and Backup Exec does have to re-hydrate (return to non-dedplicated state) data that has been deduplicated using the technology built into Windows which will have a performance and storage impact (if you write to Backup Exec's own deduplication storage and duplicate to tape we also have to re-hydrate)
Is it the rehydration process that is killing the backup times then?
What is the recommended way to backup this drive and its contents for restore, just flat files or Hyper-V aware backup?
Just looking for an up-to-date set of guidelines for backing these machines up for easy restore via backup exec, and if wanting to save space, if deduplication or any other method of space saving should/could be used where should it be applied?
Most articles referenced on the site have up to date dates, but the internal content of the articles on the subject clearly hasn't been updated.
Thanks for confirmation on re-hydation and the clarification on encryption use.
If we initially avoid the fact that you are using Windows Deduplication , then except for some configurations that may not support GRT capability) it is always recommended to backup VM's using the correct virtual agent (with GRT enabled) as then you can choose to either DR the whole VM or get back a single file/e-mail etc from inside the VM.
Where GRT is not possible (if configuration not supported) you should use a remote agent backup of the VM content itself
It is not recommended to just backup the file system of the volume that contains the VMs without using a virtual agent setup and you certainly don't need to do both as the virtual agent gives both DR for the VM and GRT in a single pass.
You can backup Hyper-V VMs into a Backup Exec Deduplication Storage location (which saves space against storing the backups themselves), although note that because Our Deduplication process is not the same as Windows Deduplication, this would re-hydrate and then deduplicate (so still a performance hit against what you have done). Also note that tape backups are always stored as rehydrated.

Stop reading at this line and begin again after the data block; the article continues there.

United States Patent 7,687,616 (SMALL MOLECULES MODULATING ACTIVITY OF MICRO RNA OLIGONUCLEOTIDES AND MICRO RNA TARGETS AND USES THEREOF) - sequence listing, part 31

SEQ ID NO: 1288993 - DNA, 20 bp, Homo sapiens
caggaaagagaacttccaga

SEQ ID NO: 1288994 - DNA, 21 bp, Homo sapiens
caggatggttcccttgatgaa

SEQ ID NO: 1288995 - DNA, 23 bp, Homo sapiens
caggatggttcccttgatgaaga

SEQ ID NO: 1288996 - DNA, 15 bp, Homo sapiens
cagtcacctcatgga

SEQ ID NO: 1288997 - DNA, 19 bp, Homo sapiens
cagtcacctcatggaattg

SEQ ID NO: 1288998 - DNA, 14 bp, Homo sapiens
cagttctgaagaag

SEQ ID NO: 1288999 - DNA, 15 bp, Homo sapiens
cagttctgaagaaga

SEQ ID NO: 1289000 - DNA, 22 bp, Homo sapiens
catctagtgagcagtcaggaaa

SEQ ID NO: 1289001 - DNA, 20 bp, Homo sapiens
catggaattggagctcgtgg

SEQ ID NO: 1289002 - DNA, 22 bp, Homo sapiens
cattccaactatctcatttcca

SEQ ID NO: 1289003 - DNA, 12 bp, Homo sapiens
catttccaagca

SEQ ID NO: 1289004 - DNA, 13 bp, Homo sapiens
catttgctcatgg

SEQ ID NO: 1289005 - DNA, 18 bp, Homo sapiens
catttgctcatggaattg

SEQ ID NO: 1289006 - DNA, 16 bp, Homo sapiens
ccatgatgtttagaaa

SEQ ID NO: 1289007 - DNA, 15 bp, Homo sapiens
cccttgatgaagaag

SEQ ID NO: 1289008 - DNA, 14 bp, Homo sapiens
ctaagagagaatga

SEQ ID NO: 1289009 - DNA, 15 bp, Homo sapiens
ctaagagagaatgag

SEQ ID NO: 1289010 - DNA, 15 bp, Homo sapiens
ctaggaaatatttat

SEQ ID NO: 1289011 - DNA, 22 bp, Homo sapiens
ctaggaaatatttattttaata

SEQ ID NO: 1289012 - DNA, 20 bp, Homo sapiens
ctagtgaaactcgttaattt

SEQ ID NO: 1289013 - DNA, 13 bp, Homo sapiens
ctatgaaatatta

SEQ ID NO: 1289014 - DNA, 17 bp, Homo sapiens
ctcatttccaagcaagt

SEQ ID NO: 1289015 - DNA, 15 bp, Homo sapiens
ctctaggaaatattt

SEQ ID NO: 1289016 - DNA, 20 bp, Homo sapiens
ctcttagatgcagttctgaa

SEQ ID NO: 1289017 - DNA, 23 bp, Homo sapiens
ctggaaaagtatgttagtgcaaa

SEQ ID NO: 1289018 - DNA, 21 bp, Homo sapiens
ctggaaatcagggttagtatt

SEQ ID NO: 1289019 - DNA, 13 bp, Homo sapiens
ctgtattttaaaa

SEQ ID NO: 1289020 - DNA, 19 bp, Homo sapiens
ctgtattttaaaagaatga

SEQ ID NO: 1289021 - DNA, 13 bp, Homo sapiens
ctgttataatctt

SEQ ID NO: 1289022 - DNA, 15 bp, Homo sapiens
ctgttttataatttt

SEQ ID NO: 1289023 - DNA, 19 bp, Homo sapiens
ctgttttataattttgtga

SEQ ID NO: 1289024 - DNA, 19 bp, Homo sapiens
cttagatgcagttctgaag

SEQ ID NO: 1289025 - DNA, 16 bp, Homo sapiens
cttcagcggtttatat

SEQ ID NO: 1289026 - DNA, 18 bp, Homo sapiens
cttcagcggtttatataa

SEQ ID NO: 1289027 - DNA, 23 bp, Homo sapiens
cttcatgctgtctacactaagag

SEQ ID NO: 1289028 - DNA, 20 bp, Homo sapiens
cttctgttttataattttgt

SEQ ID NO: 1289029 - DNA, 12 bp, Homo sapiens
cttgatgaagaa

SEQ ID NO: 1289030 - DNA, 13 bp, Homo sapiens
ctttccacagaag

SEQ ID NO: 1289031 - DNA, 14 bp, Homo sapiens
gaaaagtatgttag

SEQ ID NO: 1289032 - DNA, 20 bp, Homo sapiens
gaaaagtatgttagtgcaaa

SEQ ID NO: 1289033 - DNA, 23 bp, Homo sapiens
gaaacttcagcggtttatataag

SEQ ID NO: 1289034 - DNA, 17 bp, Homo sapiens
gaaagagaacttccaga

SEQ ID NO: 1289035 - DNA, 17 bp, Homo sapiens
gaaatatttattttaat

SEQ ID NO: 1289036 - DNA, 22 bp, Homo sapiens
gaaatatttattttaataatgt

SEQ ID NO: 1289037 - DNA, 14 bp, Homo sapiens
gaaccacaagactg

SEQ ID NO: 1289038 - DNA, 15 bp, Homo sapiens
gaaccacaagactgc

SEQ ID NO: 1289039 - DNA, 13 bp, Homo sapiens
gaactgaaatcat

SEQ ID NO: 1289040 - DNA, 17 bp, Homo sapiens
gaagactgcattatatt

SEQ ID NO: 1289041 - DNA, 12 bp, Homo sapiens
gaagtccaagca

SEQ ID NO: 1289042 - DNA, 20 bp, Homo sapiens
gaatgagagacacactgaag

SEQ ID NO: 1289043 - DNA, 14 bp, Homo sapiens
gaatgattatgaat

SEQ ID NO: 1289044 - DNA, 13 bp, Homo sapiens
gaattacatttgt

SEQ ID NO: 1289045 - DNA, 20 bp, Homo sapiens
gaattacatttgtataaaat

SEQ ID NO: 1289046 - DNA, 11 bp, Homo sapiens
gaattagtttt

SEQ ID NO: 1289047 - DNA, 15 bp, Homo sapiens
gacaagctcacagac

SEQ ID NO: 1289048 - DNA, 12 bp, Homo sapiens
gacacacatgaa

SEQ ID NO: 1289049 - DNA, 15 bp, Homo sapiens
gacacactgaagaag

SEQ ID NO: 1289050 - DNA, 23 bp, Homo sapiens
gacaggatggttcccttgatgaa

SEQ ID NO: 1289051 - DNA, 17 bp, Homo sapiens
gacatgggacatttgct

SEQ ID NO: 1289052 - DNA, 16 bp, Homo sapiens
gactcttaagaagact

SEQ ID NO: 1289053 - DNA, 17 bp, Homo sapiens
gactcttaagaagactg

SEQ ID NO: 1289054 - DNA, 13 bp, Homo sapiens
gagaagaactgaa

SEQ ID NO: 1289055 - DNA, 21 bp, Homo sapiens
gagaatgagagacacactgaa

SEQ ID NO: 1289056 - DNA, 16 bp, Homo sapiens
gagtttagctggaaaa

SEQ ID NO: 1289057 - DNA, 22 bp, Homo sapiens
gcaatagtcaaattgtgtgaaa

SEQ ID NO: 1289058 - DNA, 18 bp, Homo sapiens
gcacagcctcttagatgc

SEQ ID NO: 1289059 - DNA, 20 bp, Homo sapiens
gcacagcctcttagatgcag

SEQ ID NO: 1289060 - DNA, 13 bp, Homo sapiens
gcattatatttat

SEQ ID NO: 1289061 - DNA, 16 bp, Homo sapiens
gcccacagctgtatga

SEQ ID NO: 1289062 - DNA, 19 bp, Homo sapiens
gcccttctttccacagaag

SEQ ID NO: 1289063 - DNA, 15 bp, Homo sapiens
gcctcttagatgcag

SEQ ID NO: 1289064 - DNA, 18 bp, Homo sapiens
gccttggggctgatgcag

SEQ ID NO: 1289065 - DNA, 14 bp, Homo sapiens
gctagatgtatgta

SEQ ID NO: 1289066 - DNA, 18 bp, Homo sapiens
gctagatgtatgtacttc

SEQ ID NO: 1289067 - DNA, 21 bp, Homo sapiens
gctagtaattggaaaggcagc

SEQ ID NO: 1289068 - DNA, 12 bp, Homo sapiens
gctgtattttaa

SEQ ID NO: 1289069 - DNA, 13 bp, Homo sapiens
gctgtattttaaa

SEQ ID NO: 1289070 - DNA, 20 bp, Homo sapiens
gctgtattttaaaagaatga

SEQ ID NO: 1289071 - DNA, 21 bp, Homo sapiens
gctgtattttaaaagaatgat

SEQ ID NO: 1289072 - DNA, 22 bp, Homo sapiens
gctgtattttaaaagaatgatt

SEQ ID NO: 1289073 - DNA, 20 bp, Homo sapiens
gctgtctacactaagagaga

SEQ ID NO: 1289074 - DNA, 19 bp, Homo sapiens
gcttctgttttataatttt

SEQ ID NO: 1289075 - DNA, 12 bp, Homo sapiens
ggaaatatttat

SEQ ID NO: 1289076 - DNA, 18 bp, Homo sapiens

With regards the fact that you have now enabled deduplication on this volume as far as I have been able to ascertain (checked with a senior colleague) we do no official testing of such a setup where Windows Deduplication is enabled on the Hyper-V hosts' storage for VMs and this therefore means no official support. So GRT may or may not work , and at very least we would expect performance issues relating to having to rehydrate your data for the backup/catalog processes however because of no testing we could not confirm all the symptoms you might experience.
There is potentially another big issue - if you did have to restore the whole VM (that was backed up from the Windows Deduplication enabled volume) during the restore we would probably need the complete disk space (and not the deduplicated disk space) which could mean you don't have enough space to restore a VM . ( this is as per http://www.veritas.com/docs/100009880 )
Based on all this I would have to say that you should not enable Windows Deduplication on the volumes that contain your Hyper-V VMs.
As a further comment it looks like MS don't suggest you use Windows Deduplication against VMs either (there are some exceptions for VDI etc)
and if MS say don't do it (either because it is bad practice or because not supported) we definitely won't test or support such a setup.